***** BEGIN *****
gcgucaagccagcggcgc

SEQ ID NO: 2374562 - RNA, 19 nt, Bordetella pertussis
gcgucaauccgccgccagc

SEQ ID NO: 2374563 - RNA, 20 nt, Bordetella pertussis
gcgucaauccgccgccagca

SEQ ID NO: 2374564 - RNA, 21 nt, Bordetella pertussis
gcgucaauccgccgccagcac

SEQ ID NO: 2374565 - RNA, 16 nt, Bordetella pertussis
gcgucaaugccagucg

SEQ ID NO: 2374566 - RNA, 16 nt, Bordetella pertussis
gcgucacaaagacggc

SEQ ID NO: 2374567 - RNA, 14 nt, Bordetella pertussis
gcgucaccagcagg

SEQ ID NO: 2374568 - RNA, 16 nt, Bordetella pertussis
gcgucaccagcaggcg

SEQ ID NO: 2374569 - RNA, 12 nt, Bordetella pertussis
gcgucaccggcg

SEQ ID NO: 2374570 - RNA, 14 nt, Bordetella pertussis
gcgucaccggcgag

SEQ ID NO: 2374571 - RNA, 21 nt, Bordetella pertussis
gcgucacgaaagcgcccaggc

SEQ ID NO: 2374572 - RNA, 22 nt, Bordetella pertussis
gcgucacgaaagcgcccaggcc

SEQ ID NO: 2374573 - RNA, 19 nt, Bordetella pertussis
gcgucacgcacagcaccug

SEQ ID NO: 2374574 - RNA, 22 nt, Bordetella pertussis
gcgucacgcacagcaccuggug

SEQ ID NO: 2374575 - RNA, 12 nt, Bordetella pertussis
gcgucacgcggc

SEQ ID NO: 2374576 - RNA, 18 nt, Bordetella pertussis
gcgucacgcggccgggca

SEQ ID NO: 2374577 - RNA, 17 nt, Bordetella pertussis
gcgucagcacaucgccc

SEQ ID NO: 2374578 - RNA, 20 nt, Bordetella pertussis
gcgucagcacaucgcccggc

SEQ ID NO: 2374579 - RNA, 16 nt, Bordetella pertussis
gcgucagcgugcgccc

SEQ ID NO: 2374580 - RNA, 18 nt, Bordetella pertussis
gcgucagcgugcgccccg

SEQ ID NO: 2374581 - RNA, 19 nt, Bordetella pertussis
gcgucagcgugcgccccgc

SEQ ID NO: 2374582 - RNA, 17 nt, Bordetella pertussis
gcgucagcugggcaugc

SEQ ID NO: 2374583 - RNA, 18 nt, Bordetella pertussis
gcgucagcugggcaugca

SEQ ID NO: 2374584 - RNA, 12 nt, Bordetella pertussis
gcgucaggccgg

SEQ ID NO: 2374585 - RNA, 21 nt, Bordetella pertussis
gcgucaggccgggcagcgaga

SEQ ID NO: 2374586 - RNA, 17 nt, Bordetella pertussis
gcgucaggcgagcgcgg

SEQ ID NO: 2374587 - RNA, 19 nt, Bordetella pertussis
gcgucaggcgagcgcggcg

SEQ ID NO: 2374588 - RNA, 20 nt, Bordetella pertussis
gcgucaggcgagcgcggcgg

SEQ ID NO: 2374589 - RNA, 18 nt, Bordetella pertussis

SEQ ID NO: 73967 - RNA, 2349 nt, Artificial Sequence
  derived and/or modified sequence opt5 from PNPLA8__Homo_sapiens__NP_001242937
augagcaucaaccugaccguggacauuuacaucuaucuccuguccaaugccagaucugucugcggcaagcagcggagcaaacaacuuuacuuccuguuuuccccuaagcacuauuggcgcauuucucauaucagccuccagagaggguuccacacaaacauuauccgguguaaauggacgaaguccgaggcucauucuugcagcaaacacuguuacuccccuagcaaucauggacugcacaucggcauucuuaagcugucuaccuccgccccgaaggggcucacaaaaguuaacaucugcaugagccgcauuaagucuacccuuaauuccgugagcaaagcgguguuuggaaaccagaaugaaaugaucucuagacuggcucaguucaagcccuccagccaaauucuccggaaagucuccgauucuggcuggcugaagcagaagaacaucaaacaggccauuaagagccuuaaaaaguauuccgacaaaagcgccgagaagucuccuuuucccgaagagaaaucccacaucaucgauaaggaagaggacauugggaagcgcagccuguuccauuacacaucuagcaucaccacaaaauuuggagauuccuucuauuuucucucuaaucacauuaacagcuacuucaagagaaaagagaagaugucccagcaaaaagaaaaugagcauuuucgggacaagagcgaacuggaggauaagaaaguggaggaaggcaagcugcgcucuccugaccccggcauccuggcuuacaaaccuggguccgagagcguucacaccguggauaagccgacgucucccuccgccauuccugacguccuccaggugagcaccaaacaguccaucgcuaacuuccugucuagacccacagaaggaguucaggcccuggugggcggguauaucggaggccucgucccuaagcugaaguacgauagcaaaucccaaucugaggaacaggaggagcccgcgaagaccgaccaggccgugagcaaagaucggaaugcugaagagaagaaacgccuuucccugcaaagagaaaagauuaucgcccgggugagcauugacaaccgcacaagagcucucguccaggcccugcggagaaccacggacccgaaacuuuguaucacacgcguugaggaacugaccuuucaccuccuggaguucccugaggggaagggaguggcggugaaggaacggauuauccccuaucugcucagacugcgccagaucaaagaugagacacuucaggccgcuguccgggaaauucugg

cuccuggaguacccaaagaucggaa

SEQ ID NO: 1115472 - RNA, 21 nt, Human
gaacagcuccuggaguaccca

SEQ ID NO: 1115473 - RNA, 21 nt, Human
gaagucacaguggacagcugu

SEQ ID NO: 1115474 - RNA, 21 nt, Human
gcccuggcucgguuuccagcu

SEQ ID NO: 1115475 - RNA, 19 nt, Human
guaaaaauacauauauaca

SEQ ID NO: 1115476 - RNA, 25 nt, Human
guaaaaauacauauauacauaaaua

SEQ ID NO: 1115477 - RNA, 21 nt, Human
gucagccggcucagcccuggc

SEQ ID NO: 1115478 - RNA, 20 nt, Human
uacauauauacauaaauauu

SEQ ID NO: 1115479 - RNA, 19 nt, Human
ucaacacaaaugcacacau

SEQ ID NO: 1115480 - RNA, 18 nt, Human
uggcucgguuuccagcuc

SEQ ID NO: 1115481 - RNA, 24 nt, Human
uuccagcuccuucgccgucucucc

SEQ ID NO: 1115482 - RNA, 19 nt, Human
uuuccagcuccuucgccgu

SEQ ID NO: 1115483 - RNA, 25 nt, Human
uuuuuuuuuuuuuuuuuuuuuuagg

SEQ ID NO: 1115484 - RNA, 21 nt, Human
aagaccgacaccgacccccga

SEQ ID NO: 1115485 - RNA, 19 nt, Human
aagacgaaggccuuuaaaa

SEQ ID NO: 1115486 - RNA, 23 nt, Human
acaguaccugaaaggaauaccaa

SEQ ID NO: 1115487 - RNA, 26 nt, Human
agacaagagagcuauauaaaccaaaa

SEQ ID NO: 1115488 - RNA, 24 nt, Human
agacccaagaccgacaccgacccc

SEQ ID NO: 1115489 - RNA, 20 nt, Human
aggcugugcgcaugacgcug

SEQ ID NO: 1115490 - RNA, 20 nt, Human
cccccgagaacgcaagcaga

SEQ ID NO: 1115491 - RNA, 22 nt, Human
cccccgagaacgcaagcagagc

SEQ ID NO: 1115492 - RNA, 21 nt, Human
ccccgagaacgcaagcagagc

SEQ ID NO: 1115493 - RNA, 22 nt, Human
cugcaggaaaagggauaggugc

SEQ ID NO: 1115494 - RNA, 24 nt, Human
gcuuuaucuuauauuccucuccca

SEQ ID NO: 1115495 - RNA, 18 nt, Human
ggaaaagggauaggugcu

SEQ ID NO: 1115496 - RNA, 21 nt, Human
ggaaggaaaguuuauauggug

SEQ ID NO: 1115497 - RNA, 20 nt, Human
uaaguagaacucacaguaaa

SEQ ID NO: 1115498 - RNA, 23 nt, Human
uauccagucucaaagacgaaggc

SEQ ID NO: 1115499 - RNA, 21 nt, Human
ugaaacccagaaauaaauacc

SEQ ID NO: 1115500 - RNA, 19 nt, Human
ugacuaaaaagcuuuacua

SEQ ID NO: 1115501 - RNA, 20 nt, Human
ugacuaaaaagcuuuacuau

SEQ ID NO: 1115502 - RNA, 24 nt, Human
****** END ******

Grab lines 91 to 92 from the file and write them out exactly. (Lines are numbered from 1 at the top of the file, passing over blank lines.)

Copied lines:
SEQ ID NO: 1115487 - RNA, 26 nt, Human
agacaagagagcuauauaaaccaaaa